Jes Staley has achieved what many other investment banking CEOs dream of: he has discovered a reliable method of slashing headcount in the front office.
Barclays has been talking about vigorously cutting headcount in its investment bank since at least 2011. Talk, however, does not mean action. At the end of 2011, Barclays’ investment bank employed 23,600 people. At the end of last year, it employed 20,500: a drop of 13% in four years, which isn't exactly huge when you're supposed to be restructuring.
Step up Jes Staley. Jes joined Barclays last November and is already to be found boasting in the Financial Times about his prowess for extracting staff from the investment bank. In the four months of Staley's sovereignty, he says he's cut 6,000 people from the entity formerly known as Barclays Capital - double what his predecessors achieved in four whole years.
Staley's secret is simple: he's stopped hiring. Save the occasional big recruit from J.P. Morgan and the odd VP in real estate banking, it seems Barclays hasn't recruited anyone since Jes joined. Hiring in Barclays' investment bank is in the deep freeze, and it's having an affect. Someone might want to tell John Cryan at Deutsche Bank - he's supposed to be cutting headcount too, but Deutsche actually added staff in its investment bank in 2015.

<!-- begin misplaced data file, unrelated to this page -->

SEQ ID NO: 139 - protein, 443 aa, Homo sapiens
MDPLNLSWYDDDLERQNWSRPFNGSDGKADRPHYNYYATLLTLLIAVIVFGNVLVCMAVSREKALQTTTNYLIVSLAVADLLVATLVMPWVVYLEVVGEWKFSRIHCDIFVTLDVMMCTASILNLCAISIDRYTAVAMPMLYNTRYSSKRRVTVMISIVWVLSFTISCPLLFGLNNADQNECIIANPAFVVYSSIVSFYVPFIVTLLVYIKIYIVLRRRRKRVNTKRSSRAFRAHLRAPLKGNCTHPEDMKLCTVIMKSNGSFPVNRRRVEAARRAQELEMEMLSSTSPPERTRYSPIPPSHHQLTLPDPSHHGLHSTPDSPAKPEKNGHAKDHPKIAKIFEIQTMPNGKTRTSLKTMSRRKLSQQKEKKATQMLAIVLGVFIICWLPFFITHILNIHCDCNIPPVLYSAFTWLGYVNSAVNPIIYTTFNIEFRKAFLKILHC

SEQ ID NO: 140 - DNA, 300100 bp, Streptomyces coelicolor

Staley aside, the bank with the best record of cutting heads is RBS. Between 2014 and 2015, RBS cut its front office investment banking headcount from from 3,700 people to just 1,200 people. Now RBS is turning its attention to the unspecified number of infrastructure staff who support them. Bloomberg reported yesterday that RBS is eliminating 448 "trading support roles" in the UK and creating 300 new jobs in India. Goldman Sachs' banking analysts applauded this move, upping RBS's stock to buy from neutral, partly on the grounds that the associated 70% cut in risk weighted assets in the investment bank will greatly improve returns.
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